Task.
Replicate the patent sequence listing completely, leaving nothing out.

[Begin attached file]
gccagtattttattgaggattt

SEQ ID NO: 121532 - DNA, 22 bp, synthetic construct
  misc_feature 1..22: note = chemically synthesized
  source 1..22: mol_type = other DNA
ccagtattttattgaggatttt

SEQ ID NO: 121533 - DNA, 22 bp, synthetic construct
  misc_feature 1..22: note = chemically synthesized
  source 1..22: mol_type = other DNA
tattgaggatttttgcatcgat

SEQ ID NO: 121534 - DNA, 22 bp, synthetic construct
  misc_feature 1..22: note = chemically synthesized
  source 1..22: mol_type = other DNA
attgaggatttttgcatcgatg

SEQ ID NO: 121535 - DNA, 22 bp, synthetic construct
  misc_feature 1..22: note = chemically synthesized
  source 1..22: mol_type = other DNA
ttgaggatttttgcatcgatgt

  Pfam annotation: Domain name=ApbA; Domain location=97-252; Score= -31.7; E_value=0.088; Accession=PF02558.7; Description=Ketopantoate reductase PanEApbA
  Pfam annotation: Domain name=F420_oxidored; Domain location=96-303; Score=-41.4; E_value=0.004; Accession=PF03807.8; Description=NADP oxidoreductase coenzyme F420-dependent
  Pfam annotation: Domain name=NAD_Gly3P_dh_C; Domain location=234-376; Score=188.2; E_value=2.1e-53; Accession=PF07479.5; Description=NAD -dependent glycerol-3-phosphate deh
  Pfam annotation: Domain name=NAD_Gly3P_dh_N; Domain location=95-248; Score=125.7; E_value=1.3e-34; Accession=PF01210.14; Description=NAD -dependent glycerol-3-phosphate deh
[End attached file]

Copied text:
gccagtattttattgaggattt

SEQ ID NO: 121532 - DNA, 22 bp, synthetic construct
  misc_feature 1..22: note = chemically synthesized
  source 1..22: mol_type = other DNA
ccagtattttattgaggatttt

SEQ ID NO: 121533 - DNA, 22 bp, synthetic construct
  misc_feature 1..22: note = chemically synthesized
  source 1..22: mol_type = other DNA
tattgaggatttttgcatcgat

SEQ ID NO: 121534 - DNA, 22 bp, synthetic construct
  misc_feature 1..22: note = chemically synthesized
  source 1..22: mol_type = other DNA
attgaggatttttgcatcgatg

SEQ ID NO: 121535 - DNA, 22 bp, synthetic construct
  misc_feature 1..22: note = chemically synthesized
  source 1..22: mol_type = other DNA
ttgaggatttttgcatcgatgt

  Pfam annotation: Domain name=ApbA; Domain location=97-252; Score= -31.7; E_value=0.088; Accession=PF02558.7; Description=Ketopantoate reductase PanEApbA
  Pfam annotation: Domain name=F420_oxidored; Domain location=96-303; Score=-41.4; E_value=0.004; Accession=PF03807.8; Description=NADP oxidoreductase coenzyme F420-dependent
  Pfam annotation: Domain name=NAD_Gly3P_dh_C; Domain location=234-376; Score=188.2; E_value=2.1e-53; Accession=PF07479.5; Description=NAD -dependent glycerol-3-phosphate deh
  Pfam annotation: Domain name=NAD_Gly3P_dh_N; Domain location=95-248; Score=125.7; E_value=1.3e-34; Accession=PF01210.14; Description=NAD -dependent glycerol-3-phosphate deh